605: (55/365) Starship

Origami, the final frontier. These are the journeys of the paper folder “Wonko”, his ONE YEAR MISSION, to seek out new models and folding techniques, to boldly fold where he has not folded before:

This cutie little Trek-inspired ship was hidden away in a Tanteidan convention book I have and all the annotations are in Japanese so I have no idea who the designer is, sorry. Continue reading

311: Air Mail

“Once upon a time, boys and girls, people used to use hand-held ink dispensing rods to make marks on flat sheets of manufactured plant fibre, fold them, place them inside an envelope of the same material, write a distant geospatial reference on one side, their own geospatial reference on the other. They would then pay for a coloured sticky icon and then hand this package over to a corporation that used to exist solely for the carrying and dispensing of such message envelopes” the old story teller said. The assembled children gasped in amusement, then vlogged about the experience collaboratively via the ether.

Snail mail, you remember that – I like the idea of air mail – this sort of letter has a Terry Pratchett, Discworld sort of feel to it.

Designed by Hojyo Takahashi, this delightful model is just what it says on the label.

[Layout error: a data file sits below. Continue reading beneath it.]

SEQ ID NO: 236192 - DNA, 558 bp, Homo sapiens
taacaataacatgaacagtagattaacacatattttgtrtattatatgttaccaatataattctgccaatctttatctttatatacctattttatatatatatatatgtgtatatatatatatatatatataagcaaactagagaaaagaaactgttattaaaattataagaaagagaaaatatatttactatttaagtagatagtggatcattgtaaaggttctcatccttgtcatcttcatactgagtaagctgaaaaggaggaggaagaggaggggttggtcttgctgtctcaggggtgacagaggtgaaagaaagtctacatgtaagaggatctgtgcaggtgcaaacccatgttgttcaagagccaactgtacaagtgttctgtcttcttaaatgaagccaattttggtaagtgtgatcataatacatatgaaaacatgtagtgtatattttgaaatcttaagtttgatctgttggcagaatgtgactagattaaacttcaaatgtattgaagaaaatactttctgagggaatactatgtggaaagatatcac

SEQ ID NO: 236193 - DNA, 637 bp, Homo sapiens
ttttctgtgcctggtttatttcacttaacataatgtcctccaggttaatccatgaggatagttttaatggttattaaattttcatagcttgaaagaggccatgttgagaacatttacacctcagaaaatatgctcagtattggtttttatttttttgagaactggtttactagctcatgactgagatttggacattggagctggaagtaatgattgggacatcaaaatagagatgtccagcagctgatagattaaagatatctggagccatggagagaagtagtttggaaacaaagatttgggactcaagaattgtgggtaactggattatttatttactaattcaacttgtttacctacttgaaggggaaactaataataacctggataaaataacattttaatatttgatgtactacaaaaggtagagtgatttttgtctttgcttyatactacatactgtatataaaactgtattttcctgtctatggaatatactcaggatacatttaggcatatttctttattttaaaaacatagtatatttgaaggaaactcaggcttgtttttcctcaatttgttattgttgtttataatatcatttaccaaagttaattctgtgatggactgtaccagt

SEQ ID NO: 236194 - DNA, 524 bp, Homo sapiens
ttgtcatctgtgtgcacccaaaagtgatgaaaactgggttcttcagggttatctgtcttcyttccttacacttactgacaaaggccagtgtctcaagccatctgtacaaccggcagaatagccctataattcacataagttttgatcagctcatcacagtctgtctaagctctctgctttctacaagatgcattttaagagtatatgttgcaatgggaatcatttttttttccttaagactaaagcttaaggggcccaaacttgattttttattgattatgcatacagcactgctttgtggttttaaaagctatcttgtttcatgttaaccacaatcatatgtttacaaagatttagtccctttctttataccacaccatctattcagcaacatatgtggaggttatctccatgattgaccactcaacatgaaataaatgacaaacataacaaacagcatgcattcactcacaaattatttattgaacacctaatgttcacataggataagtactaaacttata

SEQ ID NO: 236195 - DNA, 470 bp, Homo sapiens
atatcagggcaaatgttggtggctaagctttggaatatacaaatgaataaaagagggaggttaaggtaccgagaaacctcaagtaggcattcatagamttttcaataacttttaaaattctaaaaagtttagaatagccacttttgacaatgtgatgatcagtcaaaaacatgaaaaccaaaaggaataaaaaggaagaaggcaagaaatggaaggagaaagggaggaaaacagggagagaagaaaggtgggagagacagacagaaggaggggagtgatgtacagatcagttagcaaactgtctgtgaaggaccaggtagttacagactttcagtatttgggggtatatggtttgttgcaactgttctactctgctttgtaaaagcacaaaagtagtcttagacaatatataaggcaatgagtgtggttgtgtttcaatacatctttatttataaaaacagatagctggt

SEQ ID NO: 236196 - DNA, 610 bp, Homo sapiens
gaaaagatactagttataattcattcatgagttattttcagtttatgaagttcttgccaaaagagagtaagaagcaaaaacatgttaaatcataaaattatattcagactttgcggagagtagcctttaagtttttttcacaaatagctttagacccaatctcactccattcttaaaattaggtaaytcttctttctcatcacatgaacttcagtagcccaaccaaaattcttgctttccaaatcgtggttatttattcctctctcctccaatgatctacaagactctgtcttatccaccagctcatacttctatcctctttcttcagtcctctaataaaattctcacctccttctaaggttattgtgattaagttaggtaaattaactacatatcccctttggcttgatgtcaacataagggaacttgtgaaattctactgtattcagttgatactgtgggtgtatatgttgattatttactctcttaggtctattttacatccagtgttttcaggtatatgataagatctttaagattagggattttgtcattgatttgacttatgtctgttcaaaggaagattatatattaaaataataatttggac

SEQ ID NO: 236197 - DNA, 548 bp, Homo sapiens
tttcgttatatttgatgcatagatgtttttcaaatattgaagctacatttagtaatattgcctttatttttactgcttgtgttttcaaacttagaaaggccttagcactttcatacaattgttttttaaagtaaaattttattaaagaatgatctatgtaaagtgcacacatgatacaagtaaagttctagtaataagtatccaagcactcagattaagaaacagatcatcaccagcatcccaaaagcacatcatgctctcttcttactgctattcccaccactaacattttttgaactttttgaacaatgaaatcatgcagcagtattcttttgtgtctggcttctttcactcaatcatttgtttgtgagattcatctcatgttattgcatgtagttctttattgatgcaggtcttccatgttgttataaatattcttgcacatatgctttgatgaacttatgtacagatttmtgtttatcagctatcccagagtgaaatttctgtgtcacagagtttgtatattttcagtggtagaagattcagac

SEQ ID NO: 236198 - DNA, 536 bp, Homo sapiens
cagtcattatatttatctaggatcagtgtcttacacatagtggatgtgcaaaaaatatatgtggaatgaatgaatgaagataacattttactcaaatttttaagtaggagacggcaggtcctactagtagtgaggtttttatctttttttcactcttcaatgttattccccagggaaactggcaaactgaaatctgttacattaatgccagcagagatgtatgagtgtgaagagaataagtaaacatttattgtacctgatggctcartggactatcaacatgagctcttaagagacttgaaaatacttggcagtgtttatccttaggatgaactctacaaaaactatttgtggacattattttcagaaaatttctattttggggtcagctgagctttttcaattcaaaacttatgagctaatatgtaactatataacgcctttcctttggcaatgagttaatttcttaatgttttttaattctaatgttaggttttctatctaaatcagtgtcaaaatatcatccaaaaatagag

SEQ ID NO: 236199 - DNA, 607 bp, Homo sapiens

Happy with this as a first fold.

274: White Rabbits!

The beginning of another month, and I am finding it difficult to find rabbits to fold:

This is Stephen O’Hanlon’s rabbit – a simple figurative fold that is suitably rabbitty for the “pinch and punch first day of the month”.

I cannot believe this heralds the last quarter of this project (10th month starting).

209 Elias’ Bull

When I bought “Selected Works” by Neil Elias, I was delighted with teh collection of box pleating models from the founder of this technique

After watching masterchef tonight I thought “What a lot of bull” – judges and contestants sprouting such a lot of false sentimentality the model I decided to fold was really obvious (at least to me)

there is much to like about this model – it looks stroppy, like it is readt to charge – head down, horns to the front, nice. The hind quarters are also good except the back legs seem an odd proportion to the rest of the model. Knowing how hard it is to plan and design a mode however I will forgive Mr Elias.